Oakland, California has recently lifted an 80-year ban on pinball machines.
As reported by the Mercury News, the Oakland City Council has finally gotten around to amending this silly law that was originally established due to pinball's initial classification as a form of gambling.
This made more sense back in the day because prior to 1947 pinball didn't actually have flippers, so it was vastly more chance oriented.
Thankfully, it sounds like the ban wasn't actually enforced. In fact, the founder of the Pacific Pinball Museum in the neighboring city of Alameda, Michael Schiess, didn't even know it was still going on. "I certainly knew pinball was illegal, but I didn't know it was still illegal," he told Mercury News. "Those types of laws aren't really enforced now."
"It was a form of gambling, and there was a lot of money made in pinball gambling," he explained.
President of the International Flipper Pinball Association, Josh Sharpe, said these sorts of antiquated anti-pinball laws are still pretty common because nobody bothers to update them. "It's similar to a lot of other laws that don't make sense today," he said. "It's kind of like having a seven miles per hour speed limit for a horse and buggy."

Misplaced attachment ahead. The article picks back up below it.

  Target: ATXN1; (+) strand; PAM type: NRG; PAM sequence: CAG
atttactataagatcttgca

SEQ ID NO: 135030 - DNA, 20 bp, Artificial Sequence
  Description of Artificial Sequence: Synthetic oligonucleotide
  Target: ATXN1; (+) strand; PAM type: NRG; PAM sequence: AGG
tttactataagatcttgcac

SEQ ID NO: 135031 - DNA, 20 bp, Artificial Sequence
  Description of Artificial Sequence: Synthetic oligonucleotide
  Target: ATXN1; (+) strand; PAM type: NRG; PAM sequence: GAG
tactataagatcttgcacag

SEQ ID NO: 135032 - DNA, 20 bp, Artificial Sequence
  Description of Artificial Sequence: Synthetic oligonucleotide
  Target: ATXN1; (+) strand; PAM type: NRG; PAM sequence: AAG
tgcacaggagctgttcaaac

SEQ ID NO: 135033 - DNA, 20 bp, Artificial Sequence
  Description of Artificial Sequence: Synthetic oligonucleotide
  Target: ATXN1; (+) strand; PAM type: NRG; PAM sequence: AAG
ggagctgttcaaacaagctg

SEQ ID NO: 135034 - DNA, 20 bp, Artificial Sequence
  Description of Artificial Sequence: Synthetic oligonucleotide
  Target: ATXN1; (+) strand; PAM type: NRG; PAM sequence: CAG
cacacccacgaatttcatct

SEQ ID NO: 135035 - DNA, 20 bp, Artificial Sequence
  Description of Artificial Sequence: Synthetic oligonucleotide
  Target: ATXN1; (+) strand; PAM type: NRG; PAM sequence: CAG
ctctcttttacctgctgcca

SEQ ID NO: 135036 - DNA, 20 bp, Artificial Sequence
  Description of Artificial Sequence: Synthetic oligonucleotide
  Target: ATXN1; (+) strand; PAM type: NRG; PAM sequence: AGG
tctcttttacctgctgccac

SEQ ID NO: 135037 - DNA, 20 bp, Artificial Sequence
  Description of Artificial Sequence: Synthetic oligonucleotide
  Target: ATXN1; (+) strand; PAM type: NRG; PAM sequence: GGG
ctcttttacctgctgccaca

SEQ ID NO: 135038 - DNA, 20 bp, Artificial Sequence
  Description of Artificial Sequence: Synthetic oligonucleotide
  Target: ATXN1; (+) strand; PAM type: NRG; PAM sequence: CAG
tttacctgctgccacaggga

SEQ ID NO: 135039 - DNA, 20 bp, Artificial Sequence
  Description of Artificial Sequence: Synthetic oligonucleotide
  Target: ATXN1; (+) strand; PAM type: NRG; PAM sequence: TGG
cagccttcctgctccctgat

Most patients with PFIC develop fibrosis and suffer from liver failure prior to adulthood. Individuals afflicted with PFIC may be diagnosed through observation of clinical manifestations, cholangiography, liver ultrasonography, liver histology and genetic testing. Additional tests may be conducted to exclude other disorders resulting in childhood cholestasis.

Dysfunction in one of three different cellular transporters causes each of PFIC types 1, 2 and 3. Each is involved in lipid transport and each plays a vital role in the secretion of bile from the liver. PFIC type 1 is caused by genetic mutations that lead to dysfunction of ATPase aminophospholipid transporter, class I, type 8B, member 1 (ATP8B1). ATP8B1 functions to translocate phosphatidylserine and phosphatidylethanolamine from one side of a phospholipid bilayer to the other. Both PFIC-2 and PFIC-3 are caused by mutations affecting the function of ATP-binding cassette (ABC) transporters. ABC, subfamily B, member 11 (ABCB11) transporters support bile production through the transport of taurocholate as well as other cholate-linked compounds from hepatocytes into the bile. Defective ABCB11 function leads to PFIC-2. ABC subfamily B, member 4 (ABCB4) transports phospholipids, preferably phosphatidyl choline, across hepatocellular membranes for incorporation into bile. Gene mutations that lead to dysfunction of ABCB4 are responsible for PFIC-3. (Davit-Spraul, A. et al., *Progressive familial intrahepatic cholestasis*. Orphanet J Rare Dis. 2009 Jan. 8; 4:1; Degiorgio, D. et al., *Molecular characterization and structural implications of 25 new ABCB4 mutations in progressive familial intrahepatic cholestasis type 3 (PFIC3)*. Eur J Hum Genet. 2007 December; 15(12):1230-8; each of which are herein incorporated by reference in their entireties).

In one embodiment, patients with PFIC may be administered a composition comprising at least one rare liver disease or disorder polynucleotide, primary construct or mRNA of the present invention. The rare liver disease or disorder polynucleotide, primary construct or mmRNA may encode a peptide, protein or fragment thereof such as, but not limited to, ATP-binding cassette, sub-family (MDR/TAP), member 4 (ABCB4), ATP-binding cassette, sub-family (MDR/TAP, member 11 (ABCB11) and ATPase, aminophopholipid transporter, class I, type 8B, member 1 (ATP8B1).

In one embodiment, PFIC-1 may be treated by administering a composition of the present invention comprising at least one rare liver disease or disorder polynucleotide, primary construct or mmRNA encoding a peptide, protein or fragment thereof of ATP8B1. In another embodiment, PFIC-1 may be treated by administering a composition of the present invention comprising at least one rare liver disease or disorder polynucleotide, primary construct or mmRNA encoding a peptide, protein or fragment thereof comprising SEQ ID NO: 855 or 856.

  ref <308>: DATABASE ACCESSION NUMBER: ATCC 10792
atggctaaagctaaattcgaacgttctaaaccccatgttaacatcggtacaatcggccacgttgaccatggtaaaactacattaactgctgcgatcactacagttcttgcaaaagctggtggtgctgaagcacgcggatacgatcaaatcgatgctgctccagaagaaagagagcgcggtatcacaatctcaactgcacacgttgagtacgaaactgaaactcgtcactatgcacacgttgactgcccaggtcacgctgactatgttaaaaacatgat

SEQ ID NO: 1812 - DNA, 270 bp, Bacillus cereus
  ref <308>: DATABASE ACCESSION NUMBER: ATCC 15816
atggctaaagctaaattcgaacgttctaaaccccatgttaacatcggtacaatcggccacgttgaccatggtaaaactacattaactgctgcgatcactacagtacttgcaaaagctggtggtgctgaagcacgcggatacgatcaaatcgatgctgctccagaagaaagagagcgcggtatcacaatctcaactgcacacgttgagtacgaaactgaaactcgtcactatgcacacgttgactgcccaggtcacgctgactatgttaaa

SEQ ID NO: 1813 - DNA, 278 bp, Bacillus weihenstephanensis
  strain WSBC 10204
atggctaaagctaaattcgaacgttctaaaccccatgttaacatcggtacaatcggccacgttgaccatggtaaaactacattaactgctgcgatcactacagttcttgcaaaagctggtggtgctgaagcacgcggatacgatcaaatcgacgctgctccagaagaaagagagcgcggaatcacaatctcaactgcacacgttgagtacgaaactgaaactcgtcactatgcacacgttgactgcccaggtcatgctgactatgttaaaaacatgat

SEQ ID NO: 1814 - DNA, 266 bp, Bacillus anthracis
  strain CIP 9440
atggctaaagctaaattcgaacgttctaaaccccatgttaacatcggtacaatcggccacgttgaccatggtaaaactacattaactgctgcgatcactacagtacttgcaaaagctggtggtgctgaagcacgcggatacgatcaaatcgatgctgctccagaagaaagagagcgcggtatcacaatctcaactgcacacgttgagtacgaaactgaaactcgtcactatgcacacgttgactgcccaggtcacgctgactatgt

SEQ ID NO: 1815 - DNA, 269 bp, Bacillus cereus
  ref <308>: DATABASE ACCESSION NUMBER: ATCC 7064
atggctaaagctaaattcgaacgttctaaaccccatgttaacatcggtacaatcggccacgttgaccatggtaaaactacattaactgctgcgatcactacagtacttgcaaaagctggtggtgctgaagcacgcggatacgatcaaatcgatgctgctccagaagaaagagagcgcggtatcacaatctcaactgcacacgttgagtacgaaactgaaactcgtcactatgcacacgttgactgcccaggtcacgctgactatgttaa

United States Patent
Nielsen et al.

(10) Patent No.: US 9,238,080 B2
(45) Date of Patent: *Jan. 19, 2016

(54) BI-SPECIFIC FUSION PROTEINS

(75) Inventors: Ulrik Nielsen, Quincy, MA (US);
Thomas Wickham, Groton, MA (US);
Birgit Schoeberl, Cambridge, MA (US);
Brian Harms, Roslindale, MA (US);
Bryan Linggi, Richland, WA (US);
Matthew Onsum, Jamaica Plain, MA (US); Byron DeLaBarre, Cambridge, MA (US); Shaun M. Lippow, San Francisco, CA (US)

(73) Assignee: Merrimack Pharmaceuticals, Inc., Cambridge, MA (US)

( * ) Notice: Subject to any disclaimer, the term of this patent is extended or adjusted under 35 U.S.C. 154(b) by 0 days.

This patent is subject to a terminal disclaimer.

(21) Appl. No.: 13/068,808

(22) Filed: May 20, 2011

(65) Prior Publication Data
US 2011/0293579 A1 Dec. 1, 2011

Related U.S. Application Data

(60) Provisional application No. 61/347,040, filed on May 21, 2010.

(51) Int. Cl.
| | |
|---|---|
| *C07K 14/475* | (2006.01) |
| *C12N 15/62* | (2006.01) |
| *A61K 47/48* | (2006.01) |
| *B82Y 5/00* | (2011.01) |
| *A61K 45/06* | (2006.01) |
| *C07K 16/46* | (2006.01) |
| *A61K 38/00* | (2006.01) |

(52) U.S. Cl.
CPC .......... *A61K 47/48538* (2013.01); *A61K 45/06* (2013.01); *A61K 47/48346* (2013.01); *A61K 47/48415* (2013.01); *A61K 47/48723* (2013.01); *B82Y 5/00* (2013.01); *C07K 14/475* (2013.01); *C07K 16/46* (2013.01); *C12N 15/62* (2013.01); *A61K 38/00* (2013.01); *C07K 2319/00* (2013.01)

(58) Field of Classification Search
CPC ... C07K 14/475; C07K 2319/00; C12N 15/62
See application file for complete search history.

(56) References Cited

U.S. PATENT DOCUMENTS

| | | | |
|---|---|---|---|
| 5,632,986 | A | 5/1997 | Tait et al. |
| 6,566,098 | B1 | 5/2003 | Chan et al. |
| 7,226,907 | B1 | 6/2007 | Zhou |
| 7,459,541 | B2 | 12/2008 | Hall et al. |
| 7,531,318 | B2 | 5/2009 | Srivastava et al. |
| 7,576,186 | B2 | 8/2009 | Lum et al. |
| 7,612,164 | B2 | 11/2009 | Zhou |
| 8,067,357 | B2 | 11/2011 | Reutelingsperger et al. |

Sharpe noted that these ridiculous laws are almost always amended with little resistance.
Still, this isn't the first time a US municipality has lifted a long-standing ban against parlour games. In May a Massachusetts town lifted its 32-year ban on arcades, which was originally established to prevent an "urban-type hony-tonk environment."
To commemorate Oakland's new found officially legal pinball, RadioShack, Stern Pinball and the International Flipper Pinball Association have teamed up to hold a month-long tournament of the sport at RadioShack's 3040 East Ninth St. location. The tournament is being played on a Stern Iron Man Pro Vault Edition pinball machine and whoever hold the high score when the tournament ends on 20th September gets to keep the cabinet.